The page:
Mike Isabella ended his second — and more successful — stint on “Top Chef” just three months before opening Graffiato, an Italian restaurant in Chinatown last summer. When it opened, reservations in the 130-seat dining room were very hard to come by for months.

“ ‘Top Chef’ was the toughest thing I’ve ever done,” he says. “It definitely took a lot out of me and gave me a lot more gray hair than I intended on having . . . and it opened a lot of doors.”

While Isabella, 37, is known for cooking on TV and in the kitchen of his restaurant, when it comes to making meals at home, his approach is less hands-on.

“I don’t do much,” the New Jersey native admits as he glances at his wife, Stacy. “If she wasn’t here, I’d tell you I did.”

The lack of cooking he does at home is one reason it wasn’t the kitchen that drew him to his new Chinatown apartment. It was the open floor plan and the view. Directly opposite the kitchen is an entire wall of floor-to-ceiling windows that overlook the city.

“I love the city and being able to cook and stare out into it,” he says. “Graffiato and Bandolero have open kitchens. I think every kitchen I have will be open. If there is a wall, I will knock it down.”

The open nature of Isabella’s home kitchen makes the 18-by-9 foot space feel larger than it is. But the size, he says, is perfect for an apartment.

“If you have a big kitchen, it’s a waste of space,” he says. “You only need the essentials.”

Essentials for this chef include a good stove (“the heart and soul of a kitchen,” he says), sharp knives, heat-resistant utensils and enough cabinet space to store his Le Creuset cookware and his appliances.

“I don’t like to leave appliances out,” he says. “It’s messy.”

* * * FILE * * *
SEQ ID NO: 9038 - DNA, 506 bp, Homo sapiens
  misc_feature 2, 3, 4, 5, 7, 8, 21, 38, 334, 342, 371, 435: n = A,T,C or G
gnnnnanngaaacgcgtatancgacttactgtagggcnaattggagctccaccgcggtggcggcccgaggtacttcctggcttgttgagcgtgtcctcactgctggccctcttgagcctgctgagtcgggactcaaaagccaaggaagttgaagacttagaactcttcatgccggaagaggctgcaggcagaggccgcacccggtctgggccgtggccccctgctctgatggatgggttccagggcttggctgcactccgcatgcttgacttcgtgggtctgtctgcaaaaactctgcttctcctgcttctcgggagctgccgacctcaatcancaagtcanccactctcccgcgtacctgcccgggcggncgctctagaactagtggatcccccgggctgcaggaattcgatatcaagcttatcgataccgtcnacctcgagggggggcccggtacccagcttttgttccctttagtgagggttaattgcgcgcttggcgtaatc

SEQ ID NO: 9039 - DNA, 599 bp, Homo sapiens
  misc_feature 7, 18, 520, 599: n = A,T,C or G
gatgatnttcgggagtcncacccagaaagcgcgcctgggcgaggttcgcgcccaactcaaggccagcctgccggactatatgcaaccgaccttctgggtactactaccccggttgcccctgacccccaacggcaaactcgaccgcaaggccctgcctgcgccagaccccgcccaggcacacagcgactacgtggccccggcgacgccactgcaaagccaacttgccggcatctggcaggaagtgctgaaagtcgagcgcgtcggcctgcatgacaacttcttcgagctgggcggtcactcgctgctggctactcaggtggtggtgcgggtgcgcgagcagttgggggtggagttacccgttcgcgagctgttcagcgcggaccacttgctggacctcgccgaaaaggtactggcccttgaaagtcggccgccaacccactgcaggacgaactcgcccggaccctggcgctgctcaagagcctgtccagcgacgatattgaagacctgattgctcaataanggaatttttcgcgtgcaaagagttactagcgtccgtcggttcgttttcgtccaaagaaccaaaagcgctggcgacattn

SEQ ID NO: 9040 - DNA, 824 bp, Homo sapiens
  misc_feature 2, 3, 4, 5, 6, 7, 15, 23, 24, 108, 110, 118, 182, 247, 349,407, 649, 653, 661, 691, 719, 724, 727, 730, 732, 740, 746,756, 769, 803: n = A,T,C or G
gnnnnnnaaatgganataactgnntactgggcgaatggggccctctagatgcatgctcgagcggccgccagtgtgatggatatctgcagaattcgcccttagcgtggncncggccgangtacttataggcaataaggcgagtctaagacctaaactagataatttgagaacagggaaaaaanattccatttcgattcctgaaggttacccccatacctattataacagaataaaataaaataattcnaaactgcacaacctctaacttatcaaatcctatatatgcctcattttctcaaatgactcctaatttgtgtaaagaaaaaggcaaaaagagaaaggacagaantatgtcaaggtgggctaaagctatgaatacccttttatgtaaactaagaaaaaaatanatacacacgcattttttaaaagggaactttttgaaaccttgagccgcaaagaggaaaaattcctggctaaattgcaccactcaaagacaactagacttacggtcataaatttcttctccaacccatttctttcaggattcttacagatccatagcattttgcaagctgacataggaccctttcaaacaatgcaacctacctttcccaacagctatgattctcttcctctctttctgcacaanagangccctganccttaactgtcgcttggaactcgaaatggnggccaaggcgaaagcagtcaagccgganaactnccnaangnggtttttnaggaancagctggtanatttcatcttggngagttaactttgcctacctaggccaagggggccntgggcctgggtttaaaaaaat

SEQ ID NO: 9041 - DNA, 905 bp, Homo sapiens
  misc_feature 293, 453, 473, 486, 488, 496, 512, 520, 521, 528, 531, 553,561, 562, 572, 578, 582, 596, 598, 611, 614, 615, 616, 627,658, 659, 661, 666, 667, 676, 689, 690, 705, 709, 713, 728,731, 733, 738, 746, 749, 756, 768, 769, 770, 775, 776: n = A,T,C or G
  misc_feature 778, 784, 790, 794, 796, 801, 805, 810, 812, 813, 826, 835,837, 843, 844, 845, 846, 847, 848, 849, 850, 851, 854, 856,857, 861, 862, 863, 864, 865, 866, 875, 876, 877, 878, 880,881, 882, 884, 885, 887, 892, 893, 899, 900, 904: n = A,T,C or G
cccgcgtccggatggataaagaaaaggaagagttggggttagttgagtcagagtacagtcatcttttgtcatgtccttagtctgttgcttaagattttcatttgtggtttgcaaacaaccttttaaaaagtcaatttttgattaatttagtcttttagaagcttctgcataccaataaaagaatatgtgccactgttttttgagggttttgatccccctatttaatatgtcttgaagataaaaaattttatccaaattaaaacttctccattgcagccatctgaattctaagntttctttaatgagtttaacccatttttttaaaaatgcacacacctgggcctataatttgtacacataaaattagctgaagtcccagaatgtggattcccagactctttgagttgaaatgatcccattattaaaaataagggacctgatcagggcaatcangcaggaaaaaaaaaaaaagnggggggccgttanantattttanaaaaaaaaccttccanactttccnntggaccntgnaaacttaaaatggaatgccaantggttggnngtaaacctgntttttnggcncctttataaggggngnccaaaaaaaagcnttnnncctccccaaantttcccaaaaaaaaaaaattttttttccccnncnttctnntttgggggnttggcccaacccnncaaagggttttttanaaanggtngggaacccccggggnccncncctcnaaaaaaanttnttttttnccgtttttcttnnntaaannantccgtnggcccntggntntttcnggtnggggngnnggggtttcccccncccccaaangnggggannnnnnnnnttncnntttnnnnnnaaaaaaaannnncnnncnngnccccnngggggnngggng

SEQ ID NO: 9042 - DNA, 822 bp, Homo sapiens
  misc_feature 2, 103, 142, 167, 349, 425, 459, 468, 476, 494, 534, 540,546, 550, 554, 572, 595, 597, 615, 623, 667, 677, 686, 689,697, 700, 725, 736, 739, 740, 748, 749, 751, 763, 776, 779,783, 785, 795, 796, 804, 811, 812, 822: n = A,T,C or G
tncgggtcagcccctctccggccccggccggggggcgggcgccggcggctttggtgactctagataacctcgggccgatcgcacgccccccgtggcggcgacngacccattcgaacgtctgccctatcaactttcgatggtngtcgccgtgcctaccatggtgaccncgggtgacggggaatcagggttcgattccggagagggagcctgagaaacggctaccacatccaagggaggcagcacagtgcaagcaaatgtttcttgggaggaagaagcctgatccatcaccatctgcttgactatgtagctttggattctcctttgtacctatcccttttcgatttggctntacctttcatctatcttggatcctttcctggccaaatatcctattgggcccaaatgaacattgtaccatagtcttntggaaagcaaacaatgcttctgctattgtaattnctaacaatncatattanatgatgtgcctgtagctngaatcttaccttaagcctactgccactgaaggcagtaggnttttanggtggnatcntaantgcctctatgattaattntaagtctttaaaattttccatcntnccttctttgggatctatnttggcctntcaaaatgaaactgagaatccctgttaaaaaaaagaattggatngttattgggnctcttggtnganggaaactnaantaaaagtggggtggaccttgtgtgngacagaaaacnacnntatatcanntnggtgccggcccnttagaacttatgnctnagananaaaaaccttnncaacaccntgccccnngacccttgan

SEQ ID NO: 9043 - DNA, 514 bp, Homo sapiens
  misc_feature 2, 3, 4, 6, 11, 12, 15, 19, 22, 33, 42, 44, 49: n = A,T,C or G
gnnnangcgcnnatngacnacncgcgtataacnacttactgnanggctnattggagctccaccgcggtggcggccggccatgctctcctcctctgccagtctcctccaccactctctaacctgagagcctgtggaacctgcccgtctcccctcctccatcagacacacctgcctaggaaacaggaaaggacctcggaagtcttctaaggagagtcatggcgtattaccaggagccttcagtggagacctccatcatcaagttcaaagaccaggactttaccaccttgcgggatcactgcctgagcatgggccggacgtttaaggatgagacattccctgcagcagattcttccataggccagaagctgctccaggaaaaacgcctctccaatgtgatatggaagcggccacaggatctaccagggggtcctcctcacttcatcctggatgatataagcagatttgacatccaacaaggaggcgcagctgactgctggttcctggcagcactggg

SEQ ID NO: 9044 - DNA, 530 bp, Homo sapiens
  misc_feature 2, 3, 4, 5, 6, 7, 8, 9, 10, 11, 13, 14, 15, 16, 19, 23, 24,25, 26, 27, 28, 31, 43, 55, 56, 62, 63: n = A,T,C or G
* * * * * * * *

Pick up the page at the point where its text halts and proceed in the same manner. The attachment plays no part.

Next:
When asked if that means he’s neat when he cooks, Isabella hesitates and laughs. So does his wife. “I’m very organized in the kitchen,” he says. “That’s the best way to put it.”

In Isabella’s organized kitchen, light-color cabinets, polished black granite countertops and a suite of GE Profile stainless-steel appliances sit across from a granite-topped island with a row of backless stools.

Because they are renting, he has no plans to make changes to this kitchen, such as tiling the backsplash (which would be easier to clean, he says) or swapping out the electric range for a gas model.

“I don’t mind having electric because I don’t cook on it that often,” he says. “If you’re cooking for two to six people, it’s perfectly fine, but if you’re cooking for more people, you want more firepower.”

If he were to make changes, function, not aesthetics, would come first.

“The more details you have, the more the cost goes up,” he says. “So for me, less is more.”

That rule doesn’t appear to apply to his career.

“I’d like to continue to be part of the growing D.C. culinary scene, and I’d like to open more casual restaurants, because I think we need more of them,” he says.

Isabella may have just missed winning the $200,000 grand prize and title of Top Chef, but it clearly hasn’t fazed him.

“I didn’t win,” he says, “but I got what I wanted.”


Lives in: Chinatown

‘Top Chef’: Season 6, 7th place; Season 8 (All-Stars) runner-up


Graffiato. Italian-inspired restaurant in Chinatown, opened June 2011

Bandolero. Modern Mexican restaurant in Georgetown, opening spring 2012

Kapnos. Greek restaurant, 14th Street corridor, scheduled to open early 2013

G. Italian restaurant, 14th Street corridor, scheduled to open early 2013

Mike Isabella’s Crazy Good Italian.” Cookbook, to be published fall 2012


Most important element of a kitchen: Space. That doesn’t mean huge; it just means being organized. When you live in the city, you have to be organized in a small space to be able to put out good food.

Advice for someone renovating a kitchen: Get a good oven because it’s the heart and soul of your kitchen. And don’t worry about getting an oven with a bunch of special features. If you know how to cook, all you need is an on-and-off switch. Besides a good oven, a double sink. You don't want dirty dishes sitting out in the open. It looks messy.

Most recent kitchen purchase: I always make sure we have nice, sharp Japanese knives. Misono knives are great for the home.

Describe your dream kitchen: It really depends on the space, but it would be a custom kitchen with a nice gas range, a big fridge and an island with a deck oven for pizza. My goal is buy an old D.C. brownstone, gut it, redo it and put in a professional kitchen.

What you have at work that you wish you had at home: A Vitamix blender. It’s the best in the world. It can make anything. It’s so powerful, it’s as fast as my scooter. It purees everything into silkiness.

Favorite dish to eat: I do love a good cheeseburger, I’m not going to lie. And, no, I’m never going to open a hamburger place.